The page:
am willing to meet those gentlemen who insist that held that if the imports of the country were less But I pass over that, I put it out of the way, we are bound, rather than ask for a loan to meet than its exports, necessarily allowing for the elefor we took the vote, not on the point of order, this temporary deficiency, to impose a permanent ments I took into the account, we were doing a but on the merits of the amendment. I come, addition on the taxation of the country.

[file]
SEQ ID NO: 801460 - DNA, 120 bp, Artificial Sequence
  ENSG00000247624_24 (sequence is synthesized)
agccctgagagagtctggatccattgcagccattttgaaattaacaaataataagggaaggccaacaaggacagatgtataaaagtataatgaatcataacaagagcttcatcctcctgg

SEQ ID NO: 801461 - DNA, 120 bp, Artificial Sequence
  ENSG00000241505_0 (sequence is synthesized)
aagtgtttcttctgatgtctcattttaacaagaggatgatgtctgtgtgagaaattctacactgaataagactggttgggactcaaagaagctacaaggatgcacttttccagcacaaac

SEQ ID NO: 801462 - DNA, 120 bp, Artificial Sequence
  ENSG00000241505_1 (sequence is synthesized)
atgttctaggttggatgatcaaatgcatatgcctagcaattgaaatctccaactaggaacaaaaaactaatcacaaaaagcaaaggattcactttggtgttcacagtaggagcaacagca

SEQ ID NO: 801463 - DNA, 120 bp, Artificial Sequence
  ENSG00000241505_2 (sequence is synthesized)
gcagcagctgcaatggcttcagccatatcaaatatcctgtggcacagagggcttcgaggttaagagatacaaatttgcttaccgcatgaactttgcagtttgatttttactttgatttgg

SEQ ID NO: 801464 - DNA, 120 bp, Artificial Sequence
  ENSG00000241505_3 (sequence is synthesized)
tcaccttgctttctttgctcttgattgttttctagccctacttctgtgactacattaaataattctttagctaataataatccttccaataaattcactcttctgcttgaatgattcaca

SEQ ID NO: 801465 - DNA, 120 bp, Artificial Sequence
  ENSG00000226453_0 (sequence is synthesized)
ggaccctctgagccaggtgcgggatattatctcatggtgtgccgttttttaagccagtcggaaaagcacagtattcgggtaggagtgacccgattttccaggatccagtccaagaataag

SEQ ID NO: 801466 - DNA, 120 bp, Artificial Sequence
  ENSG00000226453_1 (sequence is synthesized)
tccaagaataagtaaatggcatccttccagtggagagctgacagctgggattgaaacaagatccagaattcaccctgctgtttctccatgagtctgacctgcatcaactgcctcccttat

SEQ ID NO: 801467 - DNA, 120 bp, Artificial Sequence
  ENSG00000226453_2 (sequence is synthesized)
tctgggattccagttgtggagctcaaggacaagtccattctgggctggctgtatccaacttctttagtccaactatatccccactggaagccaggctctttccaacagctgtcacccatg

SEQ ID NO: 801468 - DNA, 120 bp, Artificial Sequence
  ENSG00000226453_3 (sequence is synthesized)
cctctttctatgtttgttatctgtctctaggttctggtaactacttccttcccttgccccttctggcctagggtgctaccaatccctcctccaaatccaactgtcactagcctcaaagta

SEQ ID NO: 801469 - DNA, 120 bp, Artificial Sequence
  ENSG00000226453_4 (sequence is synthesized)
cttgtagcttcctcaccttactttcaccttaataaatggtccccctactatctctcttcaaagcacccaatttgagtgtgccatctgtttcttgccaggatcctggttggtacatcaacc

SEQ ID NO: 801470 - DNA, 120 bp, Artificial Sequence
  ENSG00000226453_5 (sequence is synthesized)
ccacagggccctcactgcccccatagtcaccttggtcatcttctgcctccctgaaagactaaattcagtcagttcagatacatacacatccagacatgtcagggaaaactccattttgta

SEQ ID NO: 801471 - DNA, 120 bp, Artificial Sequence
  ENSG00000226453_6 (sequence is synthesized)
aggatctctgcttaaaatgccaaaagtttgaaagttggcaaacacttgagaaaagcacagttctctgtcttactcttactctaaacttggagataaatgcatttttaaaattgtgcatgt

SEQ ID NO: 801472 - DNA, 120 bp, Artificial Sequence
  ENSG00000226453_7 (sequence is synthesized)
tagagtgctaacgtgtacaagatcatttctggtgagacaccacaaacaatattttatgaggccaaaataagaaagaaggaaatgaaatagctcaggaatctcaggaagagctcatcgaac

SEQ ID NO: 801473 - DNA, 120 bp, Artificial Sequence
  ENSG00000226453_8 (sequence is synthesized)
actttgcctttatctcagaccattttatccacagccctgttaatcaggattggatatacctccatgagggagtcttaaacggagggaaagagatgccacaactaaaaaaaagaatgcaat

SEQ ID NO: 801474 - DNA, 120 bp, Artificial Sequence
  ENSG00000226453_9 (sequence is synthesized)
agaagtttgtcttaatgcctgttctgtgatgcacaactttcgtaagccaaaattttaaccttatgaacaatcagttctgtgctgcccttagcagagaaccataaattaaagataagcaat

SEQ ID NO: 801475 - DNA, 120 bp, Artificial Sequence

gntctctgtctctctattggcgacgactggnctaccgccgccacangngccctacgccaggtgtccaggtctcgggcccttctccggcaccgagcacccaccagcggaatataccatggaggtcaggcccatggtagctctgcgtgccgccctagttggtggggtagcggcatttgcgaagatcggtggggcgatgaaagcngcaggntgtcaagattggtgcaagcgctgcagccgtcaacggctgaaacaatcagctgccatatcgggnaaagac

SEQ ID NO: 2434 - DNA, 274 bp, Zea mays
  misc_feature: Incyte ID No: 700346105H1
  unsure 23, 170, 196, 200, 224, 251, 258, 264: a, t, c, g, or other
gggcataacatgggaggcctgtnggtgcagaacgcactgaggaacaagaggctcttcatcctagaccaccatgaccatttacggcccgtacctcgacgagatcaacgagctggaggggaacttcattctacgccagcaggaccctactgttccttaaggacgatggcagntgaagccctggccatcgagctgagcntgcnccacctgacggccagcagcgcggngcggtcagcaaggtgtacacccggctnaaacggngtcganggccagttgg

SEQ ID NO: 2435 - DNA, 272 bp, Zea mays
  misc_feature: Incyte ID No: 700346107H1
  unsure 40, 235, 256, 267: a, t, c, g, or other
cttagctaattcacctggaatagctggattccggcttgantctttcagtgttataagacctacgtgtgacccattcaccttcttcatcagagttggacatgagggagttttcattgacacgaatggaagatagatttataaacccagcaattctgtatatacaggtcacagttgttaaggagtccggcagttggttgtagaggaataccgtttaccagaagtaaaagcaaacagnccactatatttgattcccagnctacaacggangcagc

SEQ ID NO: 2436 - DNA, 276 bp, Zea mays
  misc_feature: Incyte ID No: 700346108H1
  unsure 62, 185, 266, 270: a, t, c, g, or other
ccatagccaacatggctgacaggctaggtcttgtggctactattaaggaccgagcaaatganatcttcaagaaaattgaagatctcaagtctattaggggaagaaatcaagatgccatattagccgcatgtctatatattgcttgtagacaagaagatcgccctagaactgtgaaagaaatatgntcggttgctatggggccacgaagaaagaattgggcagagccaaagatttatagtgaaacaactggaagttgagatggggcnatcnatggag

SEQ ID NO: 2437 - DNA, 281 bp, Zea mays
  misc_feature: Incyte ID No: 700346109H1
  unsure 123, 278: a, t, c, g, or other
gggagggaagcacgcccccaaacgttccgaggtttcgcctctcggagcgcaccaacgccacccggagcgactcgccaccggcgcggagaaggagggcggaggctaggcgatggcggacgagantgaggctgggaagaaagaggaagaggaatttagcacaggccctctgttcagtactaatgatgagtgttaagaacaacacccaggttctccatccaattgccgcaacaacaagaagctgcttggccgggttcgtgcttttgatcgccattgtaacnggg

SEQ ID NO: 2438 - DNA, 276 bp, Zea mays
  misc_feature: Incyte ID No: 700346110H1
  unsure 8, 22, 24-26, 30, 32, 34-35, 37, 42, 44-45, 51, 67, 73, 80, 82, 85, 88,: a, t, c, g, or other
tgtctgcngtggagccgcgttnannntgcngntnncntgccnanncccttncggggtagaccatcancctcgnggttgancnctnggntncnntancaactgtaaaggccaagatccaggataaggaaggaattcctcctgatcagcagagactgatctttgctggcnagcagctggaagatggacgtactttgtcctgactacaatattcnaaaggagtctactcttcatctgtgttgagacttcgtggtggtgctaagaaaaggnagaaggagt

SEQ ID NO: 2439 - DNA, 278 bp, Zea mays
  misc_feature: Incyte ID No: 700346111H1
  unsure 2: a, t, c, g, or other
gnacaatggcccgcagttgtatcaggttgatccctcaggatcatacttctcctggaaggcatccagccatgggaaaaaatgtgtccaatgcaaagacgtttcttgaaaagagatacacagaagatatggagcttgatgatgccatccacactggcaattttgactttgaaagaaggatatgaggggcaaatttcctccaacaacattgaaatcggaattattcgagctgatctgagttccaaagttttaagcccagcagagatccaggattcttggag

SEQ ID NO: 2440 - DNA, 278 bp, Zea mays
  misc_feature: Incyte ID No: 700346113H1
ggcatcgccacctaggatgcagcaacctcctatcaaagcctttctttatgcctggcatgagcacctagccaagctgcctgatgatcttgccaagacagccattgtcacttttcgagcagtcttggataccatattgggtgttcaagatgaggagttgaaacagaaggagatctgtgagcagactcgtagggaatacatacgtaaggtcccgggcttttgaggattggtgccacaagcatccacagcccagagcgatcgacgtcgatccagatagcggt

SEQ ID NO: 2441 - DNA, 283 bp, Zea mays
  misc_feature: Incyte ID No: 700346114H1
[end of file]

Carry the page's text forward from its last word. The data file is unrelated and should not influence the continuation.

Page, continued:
losing trade, or the goods were undervalued; however, to the other point, which gentlemen But there was another argument which they that one result or the other absolutely followed. raised, that they would not vole loans unless we addressed to us, which would have been an argu- | I then showed from the state of the exchanges did something to increase the revenue; that it was ment addressed to our feeling if it had been true; during the last three years, that our trade was not manifest the revenue was below what was now but, in my opinion, it was as unfounded as the a losing one, that we had sold the commodities estimated to be expended—that is, seventy-four others; and that was the appeal ad misericordiam. exported for more than we gave for them because or eighty. million dollars a year, which they That was the appeal to do something for the labor there was no balance against us. He gave the maintained and asserted was an extravagant es of the country on the idea that we ought to raise illustration of my exporting cotton for the pur, timate. Now, sir, I ask if it would have been the tariff in order to protect the operatives who pose of importing iron. I will take that, and I possible, on our imports, to have laid any tariff, were suffering. I say, in answer to that, that I think I can satisfy my friend in an instant that he any system of duties, which could have been ex do not think it fair to tax all other laborers in is utterly wrong. If a merchant in New Orleans ecuted, that would have raised money enough order to promote and to support another class. I buys a thousand bales of cotton for $50,000, and to have met an estimate of seventy-four or sev do not think it fair to impose a system of taxation sends them to Liverpool, if he sells them for enty-six million dollars this year? Could we have ll which, like the protective system, makes the con- il $40,000, of course, he has lost $10,000, besides